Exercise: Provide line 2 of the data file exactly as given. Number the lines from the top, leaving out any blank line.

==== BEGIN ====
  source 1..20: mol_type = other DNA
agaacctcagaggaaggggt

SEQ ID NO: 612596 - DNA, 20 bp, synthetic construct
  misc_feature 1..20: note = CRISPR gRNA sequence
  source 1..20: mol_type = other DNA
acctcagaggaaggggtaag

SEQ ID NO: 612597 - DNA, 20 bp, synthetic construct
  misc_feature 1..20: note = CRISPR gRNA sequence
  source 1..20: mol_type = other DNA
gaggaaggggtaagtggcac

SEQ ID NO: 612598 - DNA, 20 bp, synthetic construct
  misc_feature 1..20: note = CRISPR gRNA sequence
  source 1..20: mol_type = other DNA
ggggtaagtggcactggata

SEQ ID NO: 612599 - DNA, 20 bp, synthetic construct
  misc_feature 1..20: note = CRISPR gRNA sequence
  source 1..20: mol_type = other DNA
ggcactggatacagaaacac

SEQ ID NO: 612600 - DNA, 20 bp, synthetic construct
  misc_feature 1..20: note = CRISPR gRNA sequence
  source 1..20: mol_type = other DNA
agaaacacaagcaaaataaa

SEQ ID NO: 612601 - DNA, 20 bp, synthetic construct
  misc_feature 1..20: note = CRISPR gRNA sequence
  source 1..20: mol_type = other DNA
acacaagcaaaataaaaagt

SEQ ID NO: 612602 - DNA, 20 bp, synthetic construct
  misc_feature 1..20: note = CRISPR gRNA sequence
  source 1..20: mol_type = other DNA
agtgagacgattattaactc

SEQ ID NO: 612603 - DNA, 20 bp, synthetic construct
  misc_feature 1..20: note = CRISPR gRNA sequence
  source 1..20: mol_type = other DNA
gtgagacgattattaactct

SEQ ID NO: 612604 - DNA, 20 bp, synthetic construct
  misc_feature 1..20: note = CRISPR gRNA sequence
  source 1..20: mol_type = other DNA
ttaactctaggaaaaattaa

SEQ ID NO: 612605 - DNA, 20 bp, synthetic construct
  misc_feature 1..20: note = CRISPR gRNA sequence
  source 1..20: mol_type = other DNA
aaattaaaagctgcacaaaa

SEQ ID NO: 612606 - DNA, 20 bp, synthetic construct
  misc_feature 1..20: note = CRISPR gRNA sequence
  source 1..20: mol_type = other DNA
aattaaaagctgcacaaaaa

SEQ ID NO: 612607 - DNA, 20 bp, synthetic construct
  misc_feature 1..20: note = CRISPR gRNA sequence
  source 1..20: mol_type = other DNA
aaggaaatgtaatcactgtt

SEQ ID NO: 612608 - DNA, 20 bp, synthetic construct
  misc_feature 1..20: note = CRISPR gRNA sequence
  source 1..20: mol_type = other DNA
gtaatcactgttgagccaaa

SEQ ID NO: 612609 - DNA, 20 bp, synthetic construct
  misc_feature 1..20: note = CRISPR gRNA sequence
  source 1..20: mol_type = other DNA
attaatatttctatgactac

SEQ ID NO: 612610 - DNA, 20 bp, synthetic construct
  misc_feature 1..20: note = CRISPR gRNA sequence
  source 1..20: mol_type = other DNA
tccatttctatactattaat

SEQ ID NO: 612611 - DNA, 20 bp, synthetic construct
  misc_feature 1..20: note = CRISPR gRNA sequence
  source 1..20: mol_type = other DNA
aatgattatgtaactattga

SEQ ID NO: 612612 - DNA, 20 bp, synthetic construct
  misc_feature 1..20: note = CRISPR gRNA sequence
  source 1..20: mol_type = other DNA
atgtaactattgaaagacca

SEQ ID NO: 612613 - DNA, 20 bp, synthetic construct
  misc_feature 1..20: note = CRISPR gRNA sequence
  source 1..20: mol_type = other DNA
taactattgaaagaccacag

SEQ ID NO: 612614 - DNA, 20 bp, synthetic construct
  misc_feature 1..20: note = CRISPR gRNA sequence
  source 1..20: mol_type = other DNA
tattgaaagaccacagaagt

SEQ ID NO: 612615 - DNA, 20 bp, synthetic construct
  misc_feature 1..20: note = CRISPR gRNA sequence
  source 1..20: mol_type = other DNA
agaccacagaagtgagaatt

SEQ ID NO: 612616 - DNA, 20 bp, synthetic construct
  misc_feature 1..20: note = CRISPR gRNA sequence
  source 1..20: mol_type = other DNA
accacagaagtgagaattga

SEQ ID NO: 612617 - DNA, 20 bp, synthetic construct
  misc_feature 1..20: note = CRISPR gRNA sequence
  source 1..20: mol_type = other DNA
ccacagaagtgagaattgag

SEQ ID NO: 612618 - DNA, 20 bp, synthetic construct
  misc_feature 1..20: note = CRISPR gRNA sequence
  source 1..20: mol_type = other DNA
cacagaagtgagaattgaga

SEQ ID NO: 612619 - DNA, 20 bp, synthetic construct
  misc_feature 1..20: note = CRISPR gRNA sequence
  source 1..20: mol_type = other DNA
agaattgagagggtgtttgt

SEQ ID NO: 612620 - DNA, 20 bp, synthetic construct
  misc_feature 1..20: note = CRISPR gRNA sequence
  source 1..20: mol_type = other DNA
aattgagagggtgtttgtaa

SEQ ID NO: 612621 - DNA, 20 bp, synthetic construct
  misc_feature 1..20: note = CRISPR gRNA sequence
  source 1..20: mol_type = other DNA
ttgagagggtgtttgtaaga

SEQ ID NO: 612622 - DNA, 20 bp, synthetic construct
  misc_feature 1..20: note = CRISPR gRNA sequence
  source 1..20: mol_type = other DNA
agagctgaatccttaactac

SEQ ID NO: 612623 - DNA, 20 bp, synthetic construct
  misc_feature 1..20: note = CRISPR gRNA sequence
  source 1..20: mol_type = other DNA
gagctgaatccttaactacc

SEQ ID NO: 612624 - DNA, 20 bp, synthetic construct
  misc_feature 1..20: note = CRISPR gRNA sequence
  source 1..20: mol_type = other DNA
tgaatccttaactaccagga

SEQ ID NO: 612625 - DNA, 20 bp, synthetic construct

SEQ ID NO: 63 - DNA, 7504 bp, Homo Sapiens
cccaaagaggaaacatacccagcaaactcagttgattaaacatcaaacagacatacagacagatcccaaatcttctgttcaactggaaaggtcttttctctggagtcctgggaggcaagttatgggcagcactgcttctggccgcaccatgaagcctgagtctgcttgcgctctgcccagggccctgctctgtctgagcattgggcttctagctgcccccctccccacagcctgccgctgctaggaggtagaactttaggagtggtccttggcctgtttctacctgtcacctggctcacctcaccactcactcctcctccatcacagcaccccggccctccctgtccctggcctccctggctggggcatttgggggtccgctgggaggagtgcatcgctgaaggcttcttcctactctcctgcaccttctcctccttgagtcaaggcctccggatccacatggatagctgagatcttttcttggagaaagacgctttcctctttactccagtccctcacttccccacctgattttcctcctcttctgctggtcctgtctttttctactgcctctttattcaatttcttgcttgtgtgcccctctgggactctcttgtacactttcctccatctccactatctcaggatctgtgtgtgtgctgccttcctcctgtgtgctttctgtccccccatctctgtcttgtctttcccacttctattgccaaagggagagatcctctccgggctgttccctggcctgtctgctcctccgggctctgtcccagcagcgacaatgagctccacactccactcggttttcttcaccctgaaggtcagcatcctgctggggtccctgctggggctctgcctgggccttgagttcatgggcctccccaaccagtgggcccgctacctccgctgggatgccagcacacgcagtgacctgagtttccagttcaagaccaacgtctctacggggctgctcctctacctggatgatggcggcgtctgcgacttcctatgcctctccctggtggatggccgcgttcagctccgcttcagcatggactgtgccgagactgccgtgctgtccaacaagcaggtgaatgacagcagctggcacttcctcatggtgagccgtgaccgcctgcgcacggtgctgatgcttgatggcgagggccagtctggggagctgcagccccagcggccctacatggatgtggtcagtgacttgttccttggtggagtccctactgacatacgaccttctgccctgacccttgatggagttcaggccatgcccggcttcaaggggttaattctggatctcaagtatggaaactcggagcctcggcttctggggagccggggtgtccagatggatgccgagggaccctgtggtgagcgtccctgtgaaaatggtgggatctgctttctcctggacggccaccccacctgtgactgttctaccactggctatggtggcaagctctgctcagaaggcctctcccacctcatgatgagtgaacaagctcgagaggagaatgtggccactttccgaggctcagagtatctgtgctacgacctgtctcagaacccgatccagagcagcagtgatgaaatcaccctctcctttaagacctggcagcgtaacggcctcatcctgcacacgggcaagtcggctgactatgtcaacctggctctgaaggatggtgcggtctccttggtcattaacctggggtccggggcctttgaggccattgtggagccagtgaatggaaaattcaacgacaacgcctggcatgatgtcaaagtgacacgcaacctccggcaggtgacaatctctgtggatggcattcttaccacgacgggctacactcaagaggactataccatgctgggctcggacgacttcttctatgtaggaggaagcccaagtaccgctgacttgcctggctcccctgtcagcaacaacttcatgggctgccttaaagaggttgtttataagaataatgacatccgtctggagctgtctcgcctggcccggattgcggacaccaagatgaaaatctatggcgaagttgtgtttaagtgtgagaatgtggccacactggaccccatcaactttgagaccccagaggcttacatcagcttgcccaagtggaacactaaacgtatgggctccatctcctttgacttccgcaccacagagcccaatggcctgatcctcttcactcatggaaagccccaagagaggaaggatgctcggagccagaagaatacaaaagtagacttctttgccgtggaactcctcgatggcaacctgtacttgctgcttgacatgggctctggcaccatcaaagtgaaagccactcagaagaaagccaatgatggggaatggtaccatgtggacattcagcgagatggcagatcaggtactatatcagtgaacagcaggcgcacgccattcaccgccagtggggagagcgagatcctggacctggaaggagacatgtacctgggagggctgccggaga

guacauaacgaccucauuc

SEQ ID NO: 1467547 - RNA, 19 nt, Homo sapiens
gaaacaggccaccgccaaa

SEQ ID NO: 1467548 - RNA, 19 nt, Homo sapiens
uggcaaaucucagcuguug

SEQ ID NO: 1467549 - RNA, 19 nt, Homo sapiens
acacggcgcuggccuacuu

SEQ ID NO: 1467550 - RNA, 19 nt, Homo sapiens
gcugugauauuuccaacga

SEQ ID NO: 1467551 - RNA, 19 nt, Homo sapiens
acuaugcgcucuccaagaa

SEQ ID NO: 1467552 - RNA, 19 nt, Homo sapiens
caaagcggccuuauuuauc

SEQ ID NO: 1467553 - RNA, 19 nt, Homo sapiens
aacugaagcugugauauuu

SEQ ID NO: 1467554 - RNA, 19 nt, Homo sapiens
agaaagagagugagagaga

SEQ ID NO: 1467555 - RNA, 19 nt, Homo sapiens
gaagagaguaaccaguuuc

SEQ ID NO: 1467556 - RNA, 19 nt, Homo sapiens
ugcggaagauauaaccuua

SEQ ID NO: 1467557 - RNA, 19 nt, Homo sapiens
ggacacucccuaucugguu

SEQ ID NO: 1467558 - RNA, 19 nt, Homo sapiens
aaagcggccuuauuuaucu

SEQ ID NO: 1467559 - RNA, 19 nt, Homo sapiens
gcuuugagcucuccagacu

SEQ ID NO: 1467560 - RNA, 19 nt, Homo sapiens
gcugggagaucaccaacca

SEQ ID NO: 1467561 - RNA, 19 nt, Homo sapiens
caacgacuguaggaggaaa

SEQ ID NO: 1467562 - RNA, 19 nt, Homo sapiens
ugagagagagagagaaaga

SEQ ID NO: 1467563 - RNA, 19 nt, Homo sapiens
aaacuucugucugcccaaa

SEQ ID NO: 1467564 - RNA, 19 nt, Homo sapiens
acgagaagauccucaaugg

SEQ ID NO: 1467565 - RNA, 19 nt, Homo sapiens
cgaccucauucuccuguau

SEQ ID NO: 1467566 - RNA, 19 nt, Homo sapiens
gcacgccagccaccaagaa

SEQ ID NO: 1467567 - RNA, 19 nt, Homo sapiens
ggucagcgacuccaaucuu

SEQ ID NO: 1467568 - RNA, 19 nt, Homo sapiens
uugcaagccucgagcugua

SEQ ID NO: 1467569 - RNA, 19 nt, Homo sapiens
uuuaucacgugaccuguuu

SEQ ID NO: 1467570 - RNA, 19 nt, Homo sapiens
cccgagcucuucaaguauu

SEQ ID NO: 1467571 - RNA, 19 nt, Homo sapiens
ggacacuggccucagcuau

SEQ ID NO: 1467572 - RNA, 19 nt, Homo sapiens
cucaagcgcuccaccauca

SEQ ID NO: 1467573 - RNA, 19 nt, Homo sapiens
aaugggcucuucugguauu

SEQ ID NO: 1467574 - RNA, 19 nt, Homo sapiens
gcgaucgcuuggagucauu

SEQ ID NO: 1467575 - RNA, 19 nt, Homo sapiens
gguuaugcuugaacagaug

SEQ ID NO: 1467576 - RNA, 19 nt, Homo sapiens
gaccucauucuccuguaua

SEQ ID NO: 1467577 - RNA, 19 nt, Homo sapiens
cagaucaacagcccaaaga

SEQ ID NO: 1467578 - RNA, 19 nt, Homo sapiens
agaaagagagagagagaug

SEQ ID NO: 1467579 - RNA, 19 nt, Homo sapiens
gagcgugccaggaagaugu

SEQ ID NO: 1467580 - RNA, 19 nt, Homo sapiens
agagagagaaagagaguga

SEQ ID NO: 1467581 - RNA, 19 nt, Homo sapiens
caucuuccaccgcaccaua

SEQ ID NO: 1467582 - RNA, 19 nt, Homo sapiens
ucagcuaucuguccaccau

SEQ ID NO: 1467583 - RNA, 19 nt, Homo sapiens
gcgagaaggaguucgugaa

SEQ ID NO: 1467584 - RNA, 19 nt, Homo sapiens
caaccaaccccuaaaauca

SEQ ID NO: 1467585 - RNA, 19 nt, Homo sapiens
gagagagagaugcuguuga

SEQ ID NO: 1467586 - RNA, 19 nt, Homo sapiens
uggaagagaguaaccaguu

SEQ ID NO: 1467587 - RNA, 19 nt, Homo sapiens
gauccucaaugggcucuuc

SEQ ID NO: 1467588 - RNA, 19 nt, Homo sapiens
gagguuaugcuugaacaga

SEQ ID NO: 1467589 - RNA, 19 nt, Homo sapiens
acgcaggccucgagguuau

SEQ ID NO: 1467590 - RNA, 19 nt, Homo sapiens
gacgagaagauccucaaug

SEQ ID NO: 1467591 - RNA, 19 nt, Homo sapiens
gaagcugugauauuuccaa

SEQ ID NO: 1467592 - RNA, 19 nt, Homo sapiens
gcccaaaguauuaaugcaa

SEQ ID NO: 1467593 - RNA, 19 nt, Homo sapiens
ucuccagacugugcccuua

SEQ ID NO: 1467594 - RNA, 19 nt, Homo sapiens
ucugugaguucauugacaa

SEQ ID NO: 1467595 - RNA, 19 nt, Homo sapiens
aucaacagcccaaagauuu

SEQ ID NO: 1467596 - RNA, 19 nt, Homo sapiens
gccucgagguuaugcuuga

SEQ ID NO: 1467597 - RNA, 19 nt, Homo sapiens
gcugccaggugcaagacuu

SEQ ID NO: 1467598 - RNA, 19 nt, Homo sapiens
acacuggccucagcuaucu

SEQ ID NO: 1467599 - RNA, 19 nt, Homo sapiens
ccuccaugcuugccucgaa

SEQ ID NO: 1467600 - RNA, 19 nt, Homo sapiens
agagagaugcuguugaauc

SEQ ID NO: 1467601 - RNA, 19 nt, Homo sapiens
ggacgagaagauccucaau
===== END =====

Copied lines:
agaacctcagaggaaggggt